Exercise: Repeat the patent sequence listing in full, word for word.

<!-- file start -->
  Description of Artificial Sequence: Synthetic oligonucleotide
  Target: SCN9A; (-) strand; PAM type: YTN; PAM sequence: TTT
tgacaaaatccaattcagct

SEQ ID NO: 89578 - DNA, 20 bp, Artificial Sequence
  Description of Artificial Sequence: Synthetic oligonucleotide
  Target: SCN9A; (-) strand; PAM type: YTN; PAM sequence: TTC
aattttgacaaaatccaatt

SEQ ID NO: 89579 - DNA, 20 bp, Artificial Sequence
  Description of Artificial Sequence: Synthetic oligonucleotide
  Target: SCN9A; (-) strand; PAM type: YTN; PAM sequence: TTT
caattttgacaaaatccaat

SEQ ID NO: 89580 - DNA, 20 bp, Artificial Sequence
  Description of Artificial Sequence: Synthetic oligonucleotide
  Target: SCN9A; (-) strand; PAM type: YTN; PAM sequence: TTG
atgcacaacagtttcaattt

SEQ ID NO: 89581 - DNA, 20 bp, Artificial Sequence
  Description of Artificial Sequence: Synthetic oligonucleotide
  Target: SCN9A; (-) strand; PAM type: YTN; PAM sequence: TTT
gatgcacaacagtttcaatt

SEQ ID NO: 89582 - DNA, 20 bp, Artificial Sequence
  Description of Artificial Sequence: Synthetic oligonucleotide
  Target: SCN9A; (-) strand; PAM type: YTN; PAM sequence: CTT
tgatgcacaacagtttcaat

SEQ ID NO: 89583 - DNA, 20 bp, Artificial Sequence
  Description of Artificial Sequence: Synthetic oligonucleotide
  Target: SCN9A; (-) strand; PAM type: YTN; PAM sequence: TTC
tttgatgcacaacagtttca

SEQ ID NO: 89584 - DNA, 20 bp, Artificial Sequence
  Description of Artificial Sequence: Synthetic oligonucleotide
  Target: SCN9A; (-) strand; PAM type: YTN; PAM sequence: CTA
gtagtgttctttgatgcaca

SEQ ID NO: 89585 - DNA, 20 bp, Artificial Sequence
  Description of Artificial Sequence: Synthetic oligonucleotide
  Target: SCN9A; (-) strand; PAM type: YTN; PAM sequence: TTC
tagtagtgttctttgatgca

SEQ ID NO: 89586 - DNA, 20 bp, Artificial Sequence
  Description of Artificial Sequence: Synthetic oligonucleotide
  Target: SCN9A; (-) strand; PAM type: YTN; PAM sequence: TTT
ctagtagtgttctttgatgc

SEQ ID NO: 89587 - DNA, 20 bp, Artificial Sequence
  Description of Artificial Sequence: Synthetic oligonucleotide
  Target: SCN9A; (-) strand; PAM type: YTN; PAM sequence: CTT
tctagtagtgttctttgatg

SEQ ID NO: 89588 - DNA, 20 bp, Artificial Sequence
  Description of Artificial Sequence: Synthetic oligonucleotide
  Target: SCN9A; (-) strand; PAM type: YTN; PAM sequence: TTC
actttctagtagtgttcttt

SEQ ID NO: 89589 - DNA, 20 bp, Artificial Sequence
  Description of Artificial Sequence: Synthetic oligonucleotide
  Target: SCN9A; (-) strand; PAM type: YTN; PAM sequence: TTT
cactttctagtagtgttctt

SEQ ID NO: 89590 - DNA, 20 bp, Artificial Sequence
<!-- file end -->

  Description of Artificial Sequence: Synthetic oligonucleotide
  Target: SCN9A; (-) strand; PAM type: YTN; PAM sequence: TTT
tgacaaaatccaattcagct

SEQ ID NO: 89578 - DNA, 20 bp, Artificial Sequence
  Description of Artificial Sequence: Synthetic oligonucleotide
  Target: SCN9A; (-) strand; PAM type: YTN; PAM sequence: TTC
aattttgacaaaatccaatt

SEQ ID NO: 89579 - DNA, 20 bp, Artificial Sequence
  Description of Artificial Sequence: Synthetic oligonucleotide
  Target: SCN9A; (-) strand; PAM type: YTN; PAM sequence: TTT
caattttgacaaaatccaat

SEQ ID NO: 89580 - DNA, 20 bp, Artificial Sequence
  Description of Artificial Sequence: Synthetic oligonucleotide
  Target: SCN9A; (-) strand; PAM type: YTN; PAM sequence: TTG
atgcacaacagtttcaattt

SEQ ID NO: 89581 - DNA, 20 bp, Artificial Sequence
  Description of Artificial Sequence: Synthetic oligonucleotide
  Target: SCN9A; (-) strand; PAM type: YTN; PAM sequence: TTT
gatgcacaacagtttcaatt

SEQ ID NO: 89582 - DNA, 20 bp, Artificial Sequence
  Description of Artificial Sequence: Synthetic oligonucleotide
  Target: SCN9A; (-) strand; PAM type: YTN; PAM sequence: CTT
tgatgcacaacagtttcaat

SEQ ID NO: 89583 - DNA, 20 bp, Artificial Sequence
  Description of Artificial Sequence: Synthetic oligonucleotide
  Target: SCN9A; (-) strand; PAM type: YTN; PAM sequence: TTC
tttgatgcacaacagtttca

SEQ ID NO: 89584 - DNA, 20 bp, Artificial Sequence
  Description of Artificial Sequence: Synthetic oligonucleotide
  Target: SCN9A; (-) strand; PAM type: YTN; PAM sequence: CTA
gtagtgttctttgatgcaca

SEQ ID NO: 89585 - DNA, 20 bp, Artificial Sequence
  Description of Artificial Sequence: Synthetic oligonucleotide
  Target: SCN9A; (-) strand; PAM type: YTN; PAM sequence: TTC
tagtagtgttctttgatgca

SEQ ID NO: 89586 - DNA, 20 bp, Artificial Sequence
  Description of Artificial Sequence: Synthetic oligonucleotide
  Target: SCN9A; (-) strand; PAM type: YTN; PAM sequence: TTT
ctagtagtgttctttgatgc

SEQ ID NO: 89587 - DNA, 20 bp, Artificial Sequence
  Description of Artificial Sequence: Synthetic oligonucleotide
  Target: SCN9A; (-) strand; PAM type: YTN; PAM sequence: CTT
tctagtagtgttctttgatg

SEQ ID NO: 89588 - DNA, 20 bp, Artificial Sequence
  Description of Artificial Sequence: Synthetic oligonucleotide
  Target: SCN9A; (-) strand; PAM type: YTN; PAM sequence: TTC
actttctagtagtgttcttt

SEQ ID NO: 89589 - DNA, 20 bp, Artificial Sequence
  Description of Artificial Sequence: Synthetic oligonucleotide
  Target: SCN9A; (-) strand; PAM type: YTN; PAM sequence: TTT
cactttctagtagtgttctt

SEQ ID NO: 89590 - DNA, 20 bp, Artificial Sequence